April links: the personal essay edition

First: a piece by Joyce Carol Oates, “I Am Sorry to Inform You,” presumably excerpted from her memoir on widowhood. It is, as you might expect from Oates, deeply moving in subtle and unexpected ways.

And: My MFA classmate Lizzie Stark has written about the choice to have a double mastectomy at 28 over at the Daily Beast. It’s a powerful essay that manages to combine her emotions on the situation with humor.

And: This month was the AWP conference in Denver. I did not make it this year. Again. Every year I say I’m going to go, and, well, I haven’t been once. This year I decided to spend the money on writer’s workshops closer to home. If you didn’t make it to Denver, or even perhaps more so if you did, you might enjoy this AWP Postmortem on the Virgina Quarterly Review blog. I did.

Next year, you are so my year. I have no excuse not to make it to DC to attend AWP, as my Dad lives there and I won’t have to shell out for a hotel room.

But I digress.

Next: I have written before about dreaming in another language, and what happens when a second language begins to overtake a first. But I write stories and essays in my own language, and I can’t imagine what it would take to write creatively in a second (or third!) language, as Ha Jin and Aleksandar Hemon do. Which is why I found this essay, by writer Christiane Alsop, so fascinating.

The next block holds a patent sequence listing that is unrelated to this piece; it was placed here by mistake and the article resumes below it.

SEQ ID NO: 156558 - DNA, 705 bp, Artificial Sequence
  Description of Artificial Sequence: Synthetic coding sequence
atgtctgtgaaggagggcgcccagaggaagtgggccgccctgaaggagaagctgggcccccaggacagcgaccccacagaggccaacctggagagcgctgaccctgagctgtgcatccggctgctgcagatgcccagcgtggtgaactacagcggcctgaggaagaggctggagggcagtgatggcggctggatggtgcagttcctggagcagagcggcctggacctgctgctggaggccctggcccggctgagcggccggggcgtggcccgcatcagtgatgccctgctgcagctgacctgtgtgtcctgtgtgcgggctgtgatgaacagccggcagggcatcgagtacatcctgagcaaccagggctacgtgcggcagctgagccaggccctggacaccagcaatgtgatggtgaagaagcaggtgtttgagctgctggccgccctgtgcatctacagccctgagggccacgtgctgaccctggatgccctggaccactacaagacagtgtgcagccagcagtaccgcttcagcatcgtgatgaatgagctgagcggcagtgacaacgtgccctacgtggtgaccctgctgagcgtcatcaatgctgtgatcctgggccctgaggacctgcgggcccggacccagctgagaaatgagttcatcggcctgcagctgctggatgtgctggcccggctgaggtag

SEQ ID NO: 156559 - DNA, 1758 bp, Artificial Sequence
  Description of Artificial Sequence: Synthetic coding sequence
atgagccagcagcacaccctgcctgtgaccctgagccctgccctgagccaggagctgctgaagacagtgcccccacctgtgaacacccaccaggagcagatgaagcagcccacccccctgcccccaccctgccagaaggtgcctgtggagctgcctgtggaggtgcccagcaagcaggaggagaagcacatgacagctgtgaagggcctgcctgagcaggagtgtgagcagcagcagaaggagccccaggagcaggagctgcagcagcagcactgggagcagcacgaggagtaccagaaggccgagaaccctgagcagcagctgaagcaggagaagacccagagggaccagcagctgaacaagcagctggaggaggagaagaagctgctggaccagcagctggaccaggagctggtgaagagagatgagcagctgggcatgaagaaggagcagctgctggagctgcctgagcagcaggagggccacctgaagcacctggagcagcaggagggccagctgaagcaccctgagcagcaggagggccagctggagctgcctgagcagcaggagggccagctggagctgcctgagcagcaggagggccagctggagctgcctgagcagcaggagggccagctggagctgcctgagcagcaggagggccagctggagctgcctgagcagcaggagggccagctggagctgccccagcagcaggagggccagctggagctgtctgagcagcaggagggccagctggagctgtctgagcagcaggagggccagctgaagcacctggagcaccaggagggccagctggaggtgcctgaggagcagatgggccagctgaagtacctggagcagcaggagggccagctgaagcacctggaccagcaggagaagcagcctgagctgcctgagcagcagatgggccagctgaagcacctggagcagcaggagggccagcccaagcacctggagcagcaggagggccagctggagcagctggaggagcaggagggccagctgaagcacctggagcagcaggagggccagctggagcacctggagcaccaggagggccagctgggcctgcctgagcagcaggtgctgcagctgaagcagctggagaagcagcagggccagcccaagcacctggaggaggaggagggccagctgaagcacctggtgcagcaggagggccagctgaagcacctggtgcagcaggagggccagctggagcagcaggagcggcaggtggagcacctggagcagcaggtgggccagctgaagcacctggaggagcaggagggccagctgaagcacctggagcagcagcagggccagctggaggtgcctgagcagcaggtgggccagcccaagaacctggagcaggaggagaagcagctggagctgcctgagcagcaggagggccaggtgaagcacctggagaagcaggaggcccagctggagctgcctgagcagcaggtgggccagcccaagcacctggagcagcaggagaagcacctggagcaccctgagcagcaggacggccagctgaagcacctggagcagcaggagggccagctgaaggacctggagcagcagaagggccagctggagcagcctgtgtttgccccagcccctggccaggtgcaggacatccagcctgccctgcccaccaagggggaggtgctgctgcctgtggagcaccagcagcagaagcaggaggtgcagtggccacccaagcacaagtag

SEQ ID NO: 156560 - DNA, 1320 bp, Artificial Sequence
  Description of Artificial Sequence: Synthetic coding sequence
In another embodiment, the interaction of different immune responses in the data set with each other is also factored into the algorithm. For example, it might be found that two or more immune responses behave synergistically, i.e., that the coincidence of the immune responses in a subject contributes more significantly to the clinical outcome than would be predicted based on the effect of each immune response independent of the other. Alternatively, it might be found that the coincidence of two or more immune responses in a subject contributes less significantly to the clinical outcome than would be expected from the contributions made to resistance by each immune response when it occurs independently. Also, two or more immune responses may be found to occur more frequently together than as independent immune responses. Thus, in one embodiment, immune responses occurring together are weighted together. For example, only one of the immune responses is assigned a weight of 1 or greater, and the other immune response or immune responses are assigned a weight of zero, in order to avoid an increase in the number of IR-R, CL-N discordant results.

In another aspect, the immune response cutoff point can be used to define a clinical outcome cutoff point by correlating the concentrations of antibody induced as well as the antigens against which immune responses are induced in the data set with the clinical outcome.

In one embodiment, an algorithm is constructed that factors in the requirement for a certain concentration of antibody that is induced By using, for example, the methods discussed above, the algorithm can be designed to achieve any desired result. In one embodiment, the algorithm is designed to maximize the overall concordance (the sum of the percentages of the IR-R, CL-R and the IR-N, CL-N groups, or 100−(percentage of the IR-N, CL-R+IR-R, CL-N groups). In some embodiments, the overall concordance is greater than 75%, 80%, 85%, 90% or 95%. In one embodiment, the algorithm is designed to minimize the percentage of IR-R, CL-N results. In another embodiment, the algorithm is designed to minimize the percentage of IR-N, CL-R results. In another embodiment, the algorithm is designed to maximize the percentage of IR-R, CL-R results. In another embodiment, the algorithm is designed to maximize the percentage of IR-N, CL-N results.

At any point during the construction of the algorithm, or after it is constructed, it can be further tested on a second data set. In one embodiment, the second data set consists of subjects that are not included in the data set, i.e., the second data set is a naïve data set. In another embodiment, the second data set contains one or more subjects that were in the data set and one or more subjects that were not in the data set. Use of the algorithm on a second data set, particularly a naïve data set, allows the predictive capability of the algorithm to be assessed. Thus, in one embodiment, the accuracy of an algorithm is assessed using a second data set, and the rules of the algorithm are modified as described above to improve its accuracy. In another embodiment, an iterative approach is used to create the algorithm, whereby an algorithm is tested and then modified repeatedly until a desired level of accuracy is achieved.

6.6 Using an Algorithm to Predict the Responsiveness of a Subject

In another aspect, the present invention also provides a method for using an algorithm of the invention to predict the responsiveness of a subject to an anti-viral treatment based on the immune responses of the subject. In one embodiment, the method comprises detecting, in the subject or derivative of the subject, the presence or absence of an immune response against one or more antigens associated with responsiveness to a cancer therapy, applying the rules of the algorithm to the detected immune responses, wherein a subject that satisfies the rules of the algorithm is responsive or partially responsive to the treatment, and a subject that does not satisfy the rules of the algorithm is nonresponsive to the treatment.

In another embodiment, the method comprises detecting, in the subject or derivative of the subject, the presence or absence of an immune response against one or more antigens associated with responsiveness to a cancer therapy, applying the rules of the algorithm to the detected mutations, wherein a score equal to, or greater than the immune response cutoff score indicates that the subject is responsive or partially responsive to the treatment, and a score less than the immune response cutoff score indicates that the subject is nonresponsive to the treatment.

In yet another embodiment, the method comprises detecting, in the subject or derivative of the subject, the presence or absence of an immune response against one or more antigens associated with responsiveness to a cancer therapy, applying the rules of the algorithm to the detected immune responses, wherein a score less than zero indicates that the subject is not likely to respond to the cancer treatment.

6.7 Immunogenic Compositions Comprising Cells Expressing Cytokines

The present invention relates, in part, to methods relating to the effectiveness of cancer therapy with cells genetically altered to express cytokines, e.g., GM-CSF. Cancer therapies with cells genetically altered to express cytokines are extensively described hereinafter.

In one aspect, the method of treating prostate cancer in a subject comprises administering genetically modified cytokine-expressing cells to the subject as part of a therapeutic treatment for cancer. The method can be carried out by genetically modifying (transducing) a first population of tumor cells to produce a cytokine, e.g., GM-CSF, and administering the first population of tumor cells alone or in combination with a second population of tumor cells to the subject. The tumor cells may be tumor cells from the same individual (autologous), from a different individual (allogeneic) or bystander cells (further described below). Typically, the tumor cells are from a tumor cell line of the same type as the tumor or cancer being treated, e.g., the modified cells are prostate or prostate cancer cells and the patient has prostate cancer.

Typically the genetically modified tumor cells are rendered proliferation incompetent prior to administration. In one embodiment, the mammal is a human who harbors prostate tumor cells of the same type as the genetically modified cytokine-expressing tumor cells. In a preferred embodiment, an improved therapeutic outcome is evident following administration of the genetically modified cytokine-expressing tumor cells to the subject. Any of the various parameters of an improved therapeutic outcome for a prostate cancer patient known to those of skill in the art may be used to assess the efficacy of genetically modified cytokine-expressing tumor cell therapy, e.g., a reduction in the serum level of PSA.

And: commas! I overuse commas. Or at least, I use them a lot. I admit it. I don’t care. Not really. This  old essay, “In Praise of the Humble Comma,” by one of my favorite travel writers, Pico Iyer, explains it all:

The gods, they say, give breath, and they take it away. But the same could be said — could it not? — of the humble comma. Add it to the present clause, and, of a sudden, the mind is, quite literally, given pause to think; take it out if you wish or forget it and the mind is deprived of a resting place.

I’m in a cafe writing this, and I have actually bought a chocolate brownie that is too rich to eat. It seems impossible, I know, but it’s true. Do not buy anything called “chocolate praline fudge brownie,” and for your health, do not combine even a few bites of said brownie with caffeine. I think it is entirely possible that I am about to bounce off of something.

Finally: Chris Offutt’s Guide to Literary Terms cracked me up.

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One thought on “April links: the personal essay edition

  1. Pingback: Links « 80,000 words

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